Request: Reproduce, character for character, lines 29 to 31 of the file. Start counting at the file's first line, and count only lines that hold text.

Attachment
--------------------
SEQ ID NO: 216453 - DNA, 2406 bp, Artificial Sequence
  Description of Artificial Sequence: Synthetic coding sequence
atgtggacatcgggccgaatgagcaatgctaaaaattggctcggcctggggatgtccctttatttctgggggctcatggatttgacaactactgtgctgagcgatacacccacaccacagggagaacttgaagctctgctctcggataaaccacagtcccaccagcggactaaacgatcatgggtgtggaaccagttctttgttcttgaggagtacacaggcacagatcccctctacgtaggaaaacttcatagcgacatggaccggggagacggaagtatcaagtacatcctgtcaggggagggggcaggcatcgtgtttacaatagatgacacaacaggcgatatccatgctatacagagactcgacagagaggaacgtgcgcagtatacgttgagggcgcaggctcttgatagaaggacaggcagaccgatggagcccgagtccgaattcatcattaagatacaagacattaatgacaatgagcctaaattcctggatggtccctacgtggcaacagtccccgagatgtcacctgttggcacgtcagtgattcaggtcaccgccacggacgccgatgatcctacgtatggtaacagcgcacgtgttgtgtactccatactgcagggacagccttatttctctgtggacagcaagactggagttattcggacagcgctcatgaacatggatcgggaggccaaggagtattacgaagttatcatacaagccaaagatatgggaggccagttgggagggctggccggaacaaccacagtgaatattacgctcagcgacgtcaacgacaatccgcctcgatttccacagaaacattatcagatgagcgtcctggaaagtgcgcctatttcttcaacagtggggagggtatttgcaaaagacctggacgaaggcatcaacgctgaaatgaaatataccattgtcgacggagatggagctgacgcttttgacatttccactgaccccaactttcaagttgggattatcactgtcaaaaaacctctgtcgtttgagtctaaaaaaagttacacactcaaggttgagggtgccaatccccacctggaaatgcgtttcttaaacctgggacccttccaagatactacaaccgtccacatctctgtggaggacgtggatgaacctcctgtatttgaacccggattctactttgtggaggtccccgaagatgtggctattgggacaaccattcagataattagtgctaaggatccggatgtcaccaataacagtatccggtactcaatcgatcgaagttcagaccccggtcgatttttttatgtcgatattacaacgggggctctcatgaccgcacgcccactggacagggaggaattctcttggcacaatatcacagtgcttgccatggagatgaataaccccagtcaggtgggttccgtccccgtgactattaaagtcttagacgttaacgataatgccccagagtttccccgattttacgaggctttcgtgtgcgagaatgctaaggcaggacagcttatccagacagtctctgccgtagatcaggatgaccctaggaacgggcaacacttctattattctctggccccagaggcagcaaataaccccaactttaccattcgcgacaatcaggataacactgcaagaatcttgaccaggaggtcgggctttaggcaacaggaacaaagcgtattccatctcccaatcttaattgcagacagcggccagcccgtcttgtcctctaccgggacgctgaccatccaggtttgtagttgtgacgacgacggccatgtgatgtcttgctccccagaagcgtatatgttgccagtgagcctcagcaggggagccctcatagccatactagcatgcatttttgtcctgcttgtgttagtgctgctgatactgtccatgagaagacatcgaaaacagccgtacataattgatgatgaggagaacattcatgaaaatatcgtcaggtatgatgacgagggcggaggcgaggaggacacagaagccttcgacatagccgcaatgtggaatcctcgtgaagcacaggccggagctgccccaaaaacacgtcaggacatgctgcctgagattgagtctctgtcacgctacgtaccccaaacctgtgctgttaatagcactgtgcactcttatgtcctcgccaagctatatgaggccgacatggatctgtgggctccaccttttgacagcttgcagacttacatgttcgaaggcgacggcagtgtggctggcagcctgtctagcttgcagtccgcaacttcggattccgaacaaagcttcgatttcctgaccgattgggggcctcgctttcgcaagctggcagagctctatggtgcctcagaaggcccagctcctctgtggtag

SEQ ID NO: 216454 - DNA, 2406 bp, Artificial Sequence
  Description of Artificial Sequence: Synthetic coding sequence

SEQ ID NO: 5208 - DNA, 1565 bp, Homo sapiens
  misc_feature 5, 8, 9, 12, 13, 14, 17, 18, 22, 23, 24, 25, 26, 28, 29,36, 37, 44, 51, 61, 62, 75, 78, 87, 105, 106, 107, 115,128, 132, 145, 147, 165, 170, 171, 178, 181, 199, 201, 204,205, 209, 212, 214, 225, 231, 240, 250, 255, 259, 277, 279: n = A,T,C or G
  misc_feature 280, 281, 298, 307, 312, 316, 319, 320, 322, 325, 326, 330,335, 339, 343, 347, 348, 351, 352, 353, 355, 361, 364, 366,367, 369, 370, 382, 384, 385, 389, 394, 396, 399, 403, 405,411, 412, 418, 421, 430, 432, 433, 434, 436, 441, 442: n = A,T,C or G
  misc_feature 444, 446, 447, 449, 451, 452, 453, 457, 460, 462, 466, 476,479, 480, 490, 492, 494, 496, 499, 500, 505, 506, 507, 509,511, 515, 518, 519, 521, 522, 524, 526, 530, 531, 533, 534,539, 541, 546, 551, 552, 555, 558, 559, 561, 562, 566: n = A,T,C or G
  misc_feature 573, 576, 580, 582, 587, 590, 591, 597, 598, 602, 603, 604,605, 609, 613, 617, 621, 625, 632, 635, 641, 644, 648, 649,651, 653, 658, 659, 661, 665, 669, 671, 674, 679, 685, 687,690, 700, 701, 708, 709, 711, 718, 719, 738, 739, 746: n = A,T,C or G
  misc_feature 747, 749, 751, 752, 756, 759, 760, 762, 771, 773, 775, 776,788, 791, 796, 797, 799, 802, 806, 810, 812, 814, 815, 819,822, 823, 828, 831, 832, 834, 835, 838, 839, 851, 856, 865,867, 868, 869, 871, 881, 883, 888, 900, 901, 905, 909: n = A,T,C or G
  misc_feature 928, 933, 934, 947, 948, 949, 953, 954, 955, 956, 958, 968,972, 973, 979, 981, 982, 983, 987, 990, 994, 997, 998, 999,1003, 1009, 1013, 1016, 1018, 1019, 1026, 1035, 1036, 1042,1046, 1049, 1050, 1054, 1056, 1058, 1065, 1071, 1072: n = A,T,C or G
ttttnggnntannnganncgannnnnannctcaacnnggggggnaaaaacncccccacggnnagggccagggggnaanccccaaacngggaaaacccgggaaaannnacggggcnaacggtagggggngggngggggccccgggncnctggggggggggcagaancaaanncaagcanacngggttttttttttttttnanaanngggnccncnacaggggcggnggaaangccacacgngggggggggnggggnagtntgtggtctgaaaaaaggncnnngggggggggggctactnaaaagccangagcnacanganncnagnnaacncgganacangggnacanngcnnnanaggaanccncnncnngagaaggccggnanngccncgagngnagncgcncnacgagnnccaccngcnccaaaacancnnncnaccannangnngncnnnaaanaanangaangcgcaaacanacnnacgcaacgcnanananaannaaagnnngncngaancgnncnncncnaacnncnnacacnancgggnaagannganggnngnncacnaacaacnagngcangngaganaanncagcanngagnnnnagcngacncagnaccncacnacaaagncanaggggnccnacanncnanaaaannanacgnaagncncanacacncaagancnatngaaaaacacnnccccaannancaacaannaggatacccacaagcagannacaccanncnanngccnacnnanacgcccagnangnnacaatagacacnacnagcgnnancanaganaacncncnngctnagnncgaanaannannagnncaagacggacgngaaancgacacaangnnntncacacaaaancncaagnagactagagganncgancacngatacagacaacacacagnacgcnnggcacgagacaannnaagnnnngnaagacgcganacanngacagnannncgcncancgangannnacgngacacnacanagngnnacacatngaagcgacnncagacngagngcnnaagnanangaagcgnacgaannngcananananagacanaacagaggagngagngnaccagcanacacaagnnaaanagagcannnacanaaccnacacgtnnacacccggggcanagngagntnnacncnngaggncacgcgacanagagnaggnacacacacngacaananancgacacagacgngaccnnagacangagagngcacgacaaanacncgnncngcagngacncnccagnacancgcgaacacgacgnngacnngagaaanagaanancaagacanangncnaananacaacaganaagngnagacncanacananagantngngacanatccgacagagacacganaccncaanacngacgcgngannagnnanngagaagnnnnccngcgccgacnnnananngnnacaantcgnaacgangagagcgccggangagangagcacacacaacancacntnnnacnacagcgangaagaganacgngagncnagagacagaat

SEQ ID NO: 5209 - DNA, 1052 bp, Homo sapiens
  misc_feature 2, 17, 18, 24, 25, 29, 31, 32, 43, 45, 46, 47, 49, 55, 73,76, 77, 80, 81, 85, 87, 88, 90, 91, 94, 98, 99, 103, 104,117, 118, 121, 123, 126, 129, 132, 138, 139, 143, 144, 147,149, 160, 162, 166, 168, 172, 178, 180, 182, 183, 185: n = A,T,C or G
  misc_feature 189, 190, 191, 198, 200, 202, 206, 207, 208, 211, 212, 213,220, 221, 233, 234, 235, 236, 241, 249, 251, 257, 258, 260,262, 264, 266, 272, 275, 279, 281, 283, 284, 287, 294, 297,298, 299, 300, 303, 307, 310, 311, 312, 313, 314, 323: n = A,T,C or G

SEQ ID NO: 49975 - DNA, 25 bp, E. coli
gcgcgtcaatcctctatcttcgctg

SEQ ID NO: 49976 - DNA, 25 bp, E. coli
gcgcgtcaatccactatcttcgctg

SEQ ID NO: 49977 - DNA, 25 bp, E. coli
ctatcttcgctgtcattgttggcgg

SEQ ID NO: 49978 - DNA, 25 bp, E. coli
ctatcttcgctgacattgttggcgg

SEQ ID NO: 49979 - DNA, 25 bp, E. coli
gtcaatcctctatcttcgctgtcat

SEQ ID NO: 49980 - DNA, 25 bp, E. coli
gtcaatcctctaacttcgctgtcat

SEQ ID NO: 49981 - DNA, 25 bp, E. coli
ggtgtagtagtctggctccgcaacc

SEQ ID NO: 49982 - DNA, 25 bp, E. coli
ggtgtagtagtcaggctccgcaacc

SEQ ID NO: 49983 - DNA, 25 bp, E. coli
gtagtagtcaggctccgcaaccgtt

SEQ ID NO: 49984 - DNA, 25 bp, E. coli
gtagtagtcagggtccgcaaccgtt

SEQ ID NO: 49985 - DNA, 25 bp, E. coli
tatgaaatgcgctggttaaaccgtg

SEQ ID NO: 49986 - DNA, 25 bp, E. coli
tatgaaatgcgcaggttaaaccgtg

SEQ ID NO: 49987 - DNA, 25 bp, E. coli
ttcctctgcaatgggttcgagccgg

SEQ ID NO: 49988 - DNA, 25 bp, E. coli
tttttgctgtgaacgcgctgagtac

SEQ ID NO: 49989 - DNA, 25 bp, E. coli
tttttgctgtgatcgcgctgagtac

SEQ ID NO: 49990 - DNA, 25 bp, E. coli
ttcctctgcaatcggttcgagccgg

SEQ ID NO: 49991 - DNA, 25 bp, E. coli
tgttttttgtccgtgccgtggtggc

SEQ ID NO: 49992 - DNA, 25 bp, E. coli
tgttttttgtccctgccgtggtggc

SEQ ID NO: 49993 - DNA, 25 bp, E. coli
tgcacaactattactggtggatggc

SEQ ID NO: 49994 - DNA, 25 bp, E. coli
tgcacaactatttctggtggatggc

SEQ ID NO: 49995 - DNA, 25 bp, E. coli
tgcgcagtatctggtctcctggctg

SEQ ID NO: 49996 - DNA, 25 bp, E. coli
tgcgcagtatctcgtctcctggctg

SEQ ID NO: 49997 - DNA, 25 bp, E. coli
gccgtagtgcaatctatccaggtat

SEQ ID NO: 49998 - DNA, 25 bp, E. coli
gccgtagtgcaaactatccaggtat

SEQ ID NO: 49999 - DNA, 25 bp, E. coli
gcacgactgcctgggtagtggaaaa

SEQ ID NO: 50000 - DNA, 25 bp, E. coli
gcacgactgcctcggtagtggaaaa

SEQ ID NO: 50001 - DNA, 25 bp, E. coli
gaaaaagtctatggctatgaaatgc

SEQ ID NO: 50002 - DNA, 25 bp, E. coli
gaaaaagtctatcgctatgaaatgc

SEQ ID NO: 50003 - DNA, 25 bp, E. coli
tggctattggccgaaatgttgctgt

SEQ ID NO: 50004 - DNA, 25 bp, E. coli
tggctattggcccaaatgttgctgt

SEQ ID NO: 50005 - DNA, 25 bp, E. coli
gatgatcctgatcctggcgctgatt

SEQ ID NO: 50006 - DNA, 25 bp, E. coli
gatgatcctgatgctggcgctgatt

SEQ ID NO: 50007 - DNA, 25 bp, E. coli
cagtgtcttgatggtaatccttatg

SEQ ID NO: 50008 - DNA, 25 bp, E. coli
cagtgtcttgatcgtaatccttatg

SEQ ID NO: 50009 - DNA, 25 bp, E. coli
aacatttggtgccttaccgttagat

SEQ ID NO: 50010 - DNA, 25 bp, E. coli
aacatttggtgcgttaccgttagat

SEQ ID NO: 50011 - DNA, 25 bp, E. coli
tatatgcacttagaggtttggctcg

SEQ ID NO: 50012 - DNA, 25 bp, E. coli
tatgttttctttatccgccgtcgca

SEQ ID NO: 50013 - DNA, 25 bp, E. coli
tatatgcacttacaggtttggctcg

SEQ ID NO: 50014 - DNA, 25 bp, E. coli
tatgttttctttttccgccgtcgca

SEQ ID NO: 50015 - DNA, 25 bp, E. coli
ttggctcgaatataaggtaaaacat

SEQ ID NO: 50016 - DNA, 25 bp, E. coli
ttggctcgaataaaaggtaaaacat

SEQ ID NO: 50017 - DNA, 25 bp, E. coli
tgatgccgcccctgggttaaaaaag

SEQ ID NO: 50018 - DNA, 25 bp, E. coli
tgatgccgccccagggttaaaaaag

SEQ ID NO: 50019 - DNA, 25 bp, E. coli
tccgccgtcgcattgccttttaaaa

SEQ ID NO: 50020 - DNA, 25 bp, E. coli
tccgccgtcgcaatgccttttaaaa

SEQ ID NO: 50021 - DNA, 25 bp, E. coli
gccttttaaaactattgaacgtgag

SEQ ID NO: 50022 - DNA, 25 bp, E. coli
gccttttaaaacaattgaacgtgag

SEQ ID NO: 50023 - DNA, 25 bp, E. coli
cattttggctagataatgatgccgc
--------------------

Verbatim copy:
SEQ ID NO: 49981 - DNA, 25 bp, E. coli
ggtgtagtagtctggctccgcaacc

SEQ ID NO: 49982 - DNA, 25 bp, E. coli